September 1987, Volume 37, Issue 9

Case Reports


Qaisar Hussain Siraj  ( Nuclear Medical Centre, Armed Forces Institute of Pathology, Rawalpindi. )
Asma Inam-ur-Rahman  ( Nuclear Medical Centre, Armed Forces Institute of Pathology, Rawalpindi. )
Mahmoodul Hasan  ( Combined Military Hospital, Rawalpindi. )
Arshad Mirza  ( Combined Military Hospital, Rawalpindi. )
Syed Azhar Ahmed  ( Nuclear Medical Centre, Armed Forces Institute of Pathology, Rawalpindi. )


The role of various radionuclide investigations, including parathyroid scintigraphy, bone scinti­graphy and serum parathormone estimations in the diagnosis of primary hyperparathyroidism is reviewed briefly. The initial experience with the dual isotope (Tl-201; Tc-99m) subtraction scintigraphy for the preoperative localization of parathyroid adenomas is presented (JPMA 37 : 237, 1987).


Various techniques are helpful in the investigation of primary hyperparathyroidism. Biochemical tests such as the estimations of serum levels of calcium, phosphates, alkaline phosphatase etc, are useful but are rather nonspecific. In the presence of metabolic bone disease skeletal radio-graphs are very helpful.
Adenoma exceeds all other etiologies as the principal cause of primary hyperparathyroi­dism, occurring in approximately 85% of all cases1. Various techniques have been useful in the preoperative localization of parathyroid adeno­mata. These include cineoesophagography2, thermography3, high resolution real time ultraso­nography4,5 computed tomography6,7, arterio. graphy8,9, and selective venous sampling for differential parathyroid hormone analysis9.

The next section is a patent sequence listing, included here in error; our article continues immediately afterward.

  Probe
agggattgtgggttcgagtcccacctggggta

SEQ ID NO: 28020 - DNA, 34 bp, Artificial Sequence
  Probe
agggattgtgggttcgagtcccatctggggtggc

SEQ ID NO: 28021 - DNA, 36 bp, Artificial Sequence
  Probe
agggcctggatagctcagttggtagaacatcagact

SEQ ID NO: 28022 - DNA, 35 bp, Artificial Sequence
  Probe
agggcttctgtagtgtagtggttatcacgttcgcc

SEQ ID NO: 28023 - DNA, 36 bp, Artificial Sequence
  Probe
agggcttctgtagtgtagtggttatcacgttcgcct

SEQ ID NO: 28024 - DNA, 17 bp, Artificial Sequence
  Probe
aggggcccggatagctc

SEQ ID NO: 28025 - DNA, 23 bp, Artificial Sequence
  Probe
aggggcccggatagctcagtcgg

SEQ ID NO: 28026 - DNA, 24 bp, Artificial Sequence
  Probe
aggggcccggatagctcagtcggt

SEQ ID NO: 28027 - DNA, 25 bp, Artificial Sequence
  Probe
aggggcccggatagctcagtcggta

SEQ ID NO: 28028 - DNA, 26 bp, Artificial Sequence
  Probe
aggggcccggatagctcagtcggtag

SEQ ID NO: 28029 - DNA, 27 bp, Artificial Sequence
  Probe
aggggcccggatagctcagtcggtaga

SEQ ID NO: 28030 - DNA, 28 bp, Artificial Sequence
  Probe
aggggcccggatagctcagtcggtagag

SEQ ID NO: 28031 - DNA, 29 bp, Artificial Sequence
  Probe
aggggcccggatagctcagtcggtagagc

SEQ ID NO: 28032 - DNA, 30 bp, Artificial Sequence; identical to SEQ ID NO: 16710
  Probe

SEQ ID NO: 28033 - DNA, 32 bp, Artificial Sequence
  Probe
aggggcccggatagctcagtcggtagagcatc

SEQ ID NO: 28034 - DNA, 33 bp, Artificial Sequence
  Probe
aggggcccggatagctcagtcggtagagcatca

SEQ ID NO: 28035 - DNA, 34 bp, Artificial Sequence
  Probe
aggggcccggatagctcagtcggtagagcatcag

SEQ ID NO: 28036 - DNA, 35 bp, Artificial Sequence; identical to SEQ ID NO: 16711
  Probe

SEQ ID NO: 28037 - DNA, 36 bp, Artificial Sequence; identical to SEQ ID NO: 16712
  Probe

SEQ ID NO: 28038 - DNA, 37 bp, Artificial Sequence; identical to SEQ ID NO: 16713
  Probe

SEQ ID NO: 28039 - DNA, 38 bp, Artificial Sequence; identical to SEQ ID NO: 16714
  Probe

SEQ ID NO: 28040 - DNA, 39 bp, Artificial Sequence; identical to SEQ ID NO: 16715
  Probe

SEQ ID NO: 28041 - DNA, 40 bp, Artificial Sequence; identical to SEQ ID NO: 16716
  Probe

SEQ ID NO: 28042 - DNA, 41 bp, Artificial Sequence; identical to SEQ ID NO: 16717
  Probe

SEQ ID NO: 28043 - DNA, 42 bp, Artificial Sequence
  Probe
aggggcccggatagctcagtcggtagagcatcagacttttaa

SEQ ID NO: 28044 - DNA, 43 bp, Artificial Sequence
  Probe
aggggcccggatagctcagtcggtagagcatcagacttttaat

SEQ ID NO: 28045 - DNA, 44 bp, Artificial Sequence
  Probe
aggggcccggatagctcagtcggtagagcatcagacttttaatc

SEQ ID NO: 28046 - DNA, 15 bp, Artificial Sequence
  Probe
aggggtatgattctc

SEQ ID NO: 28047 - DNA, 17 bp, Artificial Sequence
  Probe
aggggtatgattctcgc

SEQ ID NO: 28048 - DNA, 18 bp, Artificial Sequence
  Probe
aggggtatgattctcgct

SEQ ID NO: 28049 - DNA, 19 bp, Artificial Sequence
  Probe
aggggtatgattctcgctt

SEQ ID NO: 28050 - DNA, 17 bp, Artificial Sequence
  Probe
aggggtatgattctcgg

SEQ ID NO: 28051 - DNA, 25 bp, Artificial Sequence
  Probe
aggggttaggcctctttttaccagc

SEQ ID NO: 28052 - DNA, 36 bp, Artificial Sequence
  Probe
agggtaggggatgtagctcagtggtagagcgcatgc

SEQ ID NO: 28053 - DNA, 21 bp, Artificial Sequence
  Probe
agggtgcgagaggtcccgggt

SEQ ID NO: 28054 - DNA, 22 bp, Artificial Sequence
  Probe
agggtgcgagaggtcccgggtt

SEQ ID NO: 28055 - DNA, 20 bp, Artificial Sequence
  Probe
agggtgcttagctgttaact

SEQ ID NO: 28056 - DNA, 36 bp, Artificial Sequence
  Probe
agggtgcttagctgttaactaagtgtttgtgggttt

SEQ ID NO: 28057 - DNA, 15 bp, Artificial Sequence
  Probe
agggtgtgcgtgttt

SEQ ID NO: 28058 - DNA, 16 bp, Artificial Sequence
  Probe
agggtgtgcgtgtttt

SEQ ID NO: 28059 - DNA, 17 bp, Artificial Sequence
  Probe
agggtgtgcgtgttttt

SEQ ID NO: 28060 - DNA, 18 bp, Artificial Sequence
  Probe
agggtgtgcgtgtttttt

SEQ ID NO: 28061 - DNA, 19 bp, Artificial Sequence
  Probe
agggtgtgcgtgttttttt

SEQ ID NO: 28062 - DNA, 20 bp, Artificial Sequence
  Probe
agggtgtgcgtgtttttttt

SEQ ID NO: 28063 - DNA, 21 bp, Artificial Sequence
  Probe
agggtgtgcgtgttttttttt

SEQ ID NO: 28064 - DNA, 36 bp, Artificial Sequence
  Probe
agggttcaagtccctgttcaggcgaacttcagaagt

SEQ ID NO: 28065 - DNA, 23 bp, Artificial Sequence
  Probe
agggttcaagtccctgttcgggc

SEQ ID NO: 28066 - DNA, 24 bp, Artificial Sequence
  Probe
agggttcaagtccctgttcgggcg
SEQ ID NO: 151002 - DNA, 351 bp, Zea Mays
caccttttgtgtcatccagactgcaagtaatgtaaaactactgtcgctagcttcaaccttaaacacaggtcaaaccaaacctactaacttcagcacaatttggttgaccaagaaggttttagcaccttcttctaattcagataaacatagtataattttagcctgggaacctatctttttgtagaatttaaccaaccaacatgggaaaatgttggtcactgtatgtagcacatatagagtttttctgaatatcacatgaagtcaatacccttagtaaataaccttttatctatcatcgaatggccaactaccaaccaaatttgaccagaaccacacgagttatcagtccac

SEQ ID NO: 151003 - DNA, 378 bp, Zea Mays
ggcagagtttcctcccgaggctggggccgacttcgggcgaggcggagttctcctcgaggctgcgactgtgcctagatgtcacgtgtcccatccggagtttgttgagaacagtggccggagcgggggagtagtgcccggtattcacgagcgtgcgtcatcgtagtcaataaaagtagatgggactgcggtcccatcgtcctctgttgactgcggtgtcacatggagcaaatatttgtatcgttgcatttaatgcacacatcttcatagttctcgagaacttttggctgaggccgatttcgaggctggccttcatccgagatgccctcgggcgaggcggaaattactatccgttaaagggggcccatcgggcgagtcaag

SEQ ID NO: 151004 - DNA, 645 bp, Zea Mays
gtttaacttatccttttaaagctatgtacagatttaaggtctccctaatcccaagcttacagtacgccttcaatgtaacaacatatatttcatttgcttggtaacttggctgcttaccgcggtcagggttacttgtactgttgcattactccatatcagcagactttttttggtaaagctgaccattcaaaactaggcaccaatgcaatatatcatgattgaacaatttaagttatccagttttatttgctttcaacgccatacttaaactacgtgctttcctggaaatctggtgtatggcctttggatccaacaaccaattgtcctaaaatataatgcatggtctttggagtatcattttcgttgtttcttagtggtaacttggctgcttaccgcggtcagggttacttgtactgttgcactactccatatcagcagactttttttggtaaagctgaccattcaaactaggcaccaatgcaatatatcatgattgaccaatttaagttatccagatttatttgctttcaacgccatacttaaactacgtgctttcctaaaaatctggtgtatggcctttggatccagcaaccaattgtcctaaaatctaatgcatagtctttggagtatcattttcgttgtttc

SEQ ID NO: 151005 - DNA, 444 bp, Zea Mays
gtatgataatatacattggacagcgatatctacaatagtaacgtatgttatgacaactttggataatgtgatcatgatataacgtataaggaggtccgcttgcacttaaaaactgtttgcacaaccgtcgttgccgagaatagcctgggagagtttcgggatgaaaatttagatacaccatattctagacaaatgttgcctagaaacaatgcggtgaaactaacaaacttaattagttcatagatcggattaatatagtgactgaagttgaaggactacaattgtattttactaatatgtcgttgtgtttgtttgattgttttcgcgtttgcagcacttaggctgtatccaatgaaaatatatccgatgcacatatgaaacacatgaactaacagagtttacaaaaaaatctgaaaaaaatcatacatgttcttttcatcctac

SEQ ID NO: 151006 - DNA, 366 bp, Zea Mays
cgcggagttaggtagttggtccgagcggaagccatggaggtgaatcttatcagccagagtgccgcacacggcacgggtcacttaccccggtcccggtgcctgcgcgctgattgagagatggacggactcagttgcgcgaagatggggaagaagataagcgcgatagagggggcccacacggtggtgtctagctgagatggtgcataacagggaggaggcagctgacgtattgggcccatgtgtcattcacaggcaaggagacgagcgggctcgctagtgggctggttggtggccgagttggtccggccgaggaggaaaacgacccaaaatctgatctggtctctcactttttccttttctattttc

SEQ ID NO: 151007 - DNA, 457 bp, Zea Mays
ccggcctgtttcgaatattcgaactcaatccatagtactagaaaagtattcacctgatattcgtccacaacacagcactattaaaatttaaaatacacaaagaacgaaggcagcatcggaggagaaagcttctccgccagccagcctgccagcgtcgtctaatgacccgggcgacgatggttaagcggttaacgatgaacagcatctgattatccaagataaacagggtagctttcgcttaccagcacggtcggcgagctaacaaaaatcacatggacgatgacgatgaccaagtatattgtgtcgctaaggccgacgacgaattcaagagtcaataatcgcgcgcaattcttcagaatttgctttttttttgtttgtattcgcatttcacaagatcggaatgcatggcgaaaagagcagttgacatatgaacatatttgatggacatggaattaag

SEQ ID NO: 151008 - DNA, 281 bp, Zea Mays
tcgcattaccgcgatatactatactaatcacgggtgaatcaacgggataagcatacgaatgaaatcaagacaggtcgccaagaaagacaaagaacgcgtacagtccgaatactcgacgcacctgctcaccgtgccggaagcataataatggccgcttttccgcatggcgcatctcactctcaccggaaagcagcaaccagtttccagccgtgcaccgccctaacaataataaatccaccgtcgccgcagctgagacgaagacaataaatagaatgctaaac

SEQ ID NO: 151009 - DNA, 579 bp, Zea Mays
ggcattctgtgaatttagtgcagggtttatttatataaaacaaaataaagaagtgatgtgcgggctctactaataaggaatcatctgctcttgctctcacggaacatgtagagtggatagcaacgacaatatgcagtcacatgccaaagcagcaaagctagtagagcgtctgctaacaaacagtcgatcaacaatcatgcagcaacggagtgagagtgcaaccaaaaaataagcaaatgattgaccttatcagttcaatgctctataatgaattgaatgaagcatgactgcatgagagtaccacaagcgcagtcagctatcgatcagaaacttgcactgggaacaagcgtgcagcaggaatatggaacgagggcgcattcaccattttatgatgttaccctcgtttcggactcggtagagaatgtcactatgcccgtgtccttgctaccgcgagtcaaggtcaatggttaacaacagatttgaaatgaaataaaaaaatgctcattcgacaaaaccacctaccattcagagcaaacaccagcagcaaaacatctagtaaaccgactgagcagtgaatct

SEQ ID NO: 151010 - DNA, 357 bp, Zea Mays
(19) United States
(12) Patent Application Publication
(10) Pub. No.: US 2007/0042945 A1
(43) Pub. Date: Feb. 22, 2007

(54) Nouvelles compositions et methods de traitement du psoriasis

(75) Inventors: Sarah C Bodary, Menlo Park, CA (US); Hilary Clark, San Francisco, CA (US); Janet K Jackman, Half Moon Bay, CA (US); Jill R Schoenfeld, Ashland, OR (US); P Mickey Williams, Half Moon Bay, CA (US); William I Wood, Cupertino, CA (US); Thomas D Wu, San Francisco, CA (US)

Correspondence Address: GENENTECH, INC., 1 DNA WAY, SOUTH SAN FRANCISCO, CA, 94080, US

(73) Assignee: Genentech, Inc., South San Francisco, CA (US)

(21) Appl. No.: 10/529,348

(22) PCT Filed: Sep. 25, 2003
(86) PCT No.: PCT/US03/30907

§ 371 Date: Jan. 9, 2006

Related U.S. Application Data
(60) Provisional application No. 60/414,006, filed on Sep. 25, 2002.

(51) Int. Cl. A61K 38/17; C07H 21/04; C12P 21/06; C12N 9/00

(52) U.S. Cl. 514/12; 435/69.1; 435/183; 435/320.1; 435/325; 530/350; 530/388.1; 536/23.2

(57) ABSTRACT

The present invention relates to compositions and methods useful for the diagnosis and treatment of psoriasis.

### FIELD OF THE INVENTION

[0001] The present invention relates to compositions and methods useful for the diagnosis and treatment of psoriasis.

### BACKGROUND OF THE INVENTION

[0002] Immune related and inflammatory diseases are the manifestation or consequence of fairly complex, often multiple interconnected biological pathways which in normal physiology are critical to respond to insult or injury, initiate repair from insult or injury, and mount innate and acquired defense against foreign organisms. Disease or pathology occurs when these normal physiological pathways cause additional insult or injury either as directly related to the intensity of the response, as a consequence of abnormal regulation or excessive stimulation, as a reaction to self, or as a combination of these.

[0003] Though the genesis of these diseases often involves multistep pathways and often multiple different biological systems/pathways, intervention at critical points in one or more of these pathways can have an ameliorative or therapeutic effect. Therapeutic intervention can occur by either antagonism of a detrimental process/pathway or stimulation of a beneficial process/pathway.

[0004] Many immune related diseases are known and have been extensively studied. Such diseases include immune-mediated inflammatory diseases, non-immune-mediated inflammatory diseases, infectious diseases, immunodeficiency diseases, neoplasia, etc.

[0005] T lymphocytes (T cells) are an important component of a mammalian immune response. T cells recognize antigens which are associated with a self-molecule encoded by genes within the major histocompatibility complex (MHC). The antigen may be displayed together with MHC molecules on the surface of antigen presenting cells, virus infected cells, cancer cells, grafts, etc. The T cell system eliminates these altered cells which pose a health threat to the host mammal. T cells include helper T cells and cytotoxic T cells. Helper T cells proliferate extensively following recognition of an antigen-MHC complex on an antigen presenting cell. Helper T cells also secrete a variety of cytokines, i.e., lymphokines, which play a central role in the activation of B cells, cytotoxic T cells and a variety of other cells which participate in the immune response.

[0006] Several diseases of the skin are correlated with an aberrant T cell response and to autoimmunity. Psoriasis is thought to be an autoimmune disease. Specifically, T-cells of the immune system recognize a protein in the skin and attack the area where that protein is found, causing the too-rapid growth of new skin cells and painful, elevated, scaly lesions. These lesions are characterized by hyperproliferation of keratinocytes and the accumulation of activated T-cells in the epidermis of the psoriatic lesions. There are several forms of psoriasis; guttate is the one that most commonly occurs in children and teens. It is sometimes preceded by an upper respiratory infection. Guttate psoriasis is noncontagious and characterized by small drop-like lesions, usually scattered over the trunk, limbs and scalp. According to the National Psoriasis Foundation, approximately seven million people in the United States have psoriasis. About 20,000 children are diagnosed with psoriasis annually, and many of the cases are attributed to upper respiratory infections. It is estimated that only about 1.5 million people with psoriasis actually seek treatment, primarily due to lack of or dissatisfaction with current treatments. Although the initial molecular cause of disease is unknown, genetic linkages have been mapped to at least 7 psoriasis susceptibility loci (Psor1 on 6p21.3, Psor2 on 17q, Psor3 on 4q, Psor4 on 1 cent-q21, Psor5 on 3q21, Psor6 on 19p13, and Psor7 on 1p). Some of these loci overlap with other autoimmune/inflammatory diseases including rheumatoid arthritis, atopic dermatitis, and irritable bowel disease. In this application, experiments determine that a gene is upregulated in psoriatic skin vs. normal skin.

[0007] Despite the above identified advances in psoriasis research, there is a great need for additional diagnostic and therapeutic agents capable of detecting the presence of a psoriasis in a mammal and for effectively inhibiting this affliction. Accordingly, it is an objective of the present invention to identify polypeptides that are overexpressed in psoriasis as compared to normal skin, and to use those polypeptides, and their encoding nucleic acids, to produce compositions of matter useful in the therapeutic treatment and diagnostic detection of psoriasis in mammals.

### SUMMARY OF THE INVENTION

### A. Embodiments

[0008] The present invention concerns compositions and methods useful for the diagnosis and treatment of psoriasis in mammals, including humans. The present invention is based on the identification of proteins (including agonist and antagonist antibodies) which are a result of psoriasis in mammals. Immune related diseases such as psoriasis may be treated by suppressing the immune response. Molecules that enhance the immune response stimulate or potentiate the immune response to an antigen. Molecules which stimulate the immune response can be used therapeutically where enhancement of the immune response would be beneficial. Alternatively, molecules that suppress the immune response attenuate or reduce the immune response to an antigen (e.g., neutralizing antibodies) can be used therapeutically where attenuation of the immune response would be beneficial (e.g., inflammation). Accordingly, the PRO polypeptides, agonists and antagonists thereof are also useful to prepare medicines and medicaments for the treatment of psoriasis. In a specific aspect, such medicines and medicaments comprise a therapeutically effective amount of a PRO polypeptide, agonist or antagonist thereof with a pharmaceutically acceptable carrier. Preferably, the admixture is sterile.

A combination of parathyroid arterio­graphy and venous sampling with parathyroid hormone assay is probably the most accurate method available9. These techniques are time consuming, costly, require high expertise and are not without associated morbidity. Their replace­ment by non4nvasive methods is desirable10.
Attempts at detecting parathyroid adeno­mas with Se-75 selenomethionine11 and Cs-131 cesium chloride12 have been unsatisfactory. Ti-201 has better imaging characteristics and in 1983, Young et al have demonstrated a high success rate with parathyroid scintigraphy using the dual isotope 11-201 & Tc-99m subtraction scanning13. Since then others14 have reported favourable results with this new technique.
Here we briefly review the role of the various nuclear medicine investigations in the J.P.M.A. September, 1987 diagnosis of primary hyperparathyroidism and the initial experience with the dual isotope scanning for the detection of parathyroid adenomas in Paldstan.


A 23 years old woman presented with persis­tent skeletal pains and a history of intermittent albuminuria for the past 5 years. Albuminuria was discovered on hospitalization for typhoid fever 5 years previously and subsequently recurred on several occasions, without any other positive fmdings relating to the urinary tract.
Skeletal pain of moderate to severe intensity initially appeared around the knees and shins, and later in the pelvis and legs, with no signs of joint or muscular involvement and it was not relieved by conventional analgesics. She also developed muscle weakness, easy fatigability and paraesthesias. An element of depression was also present.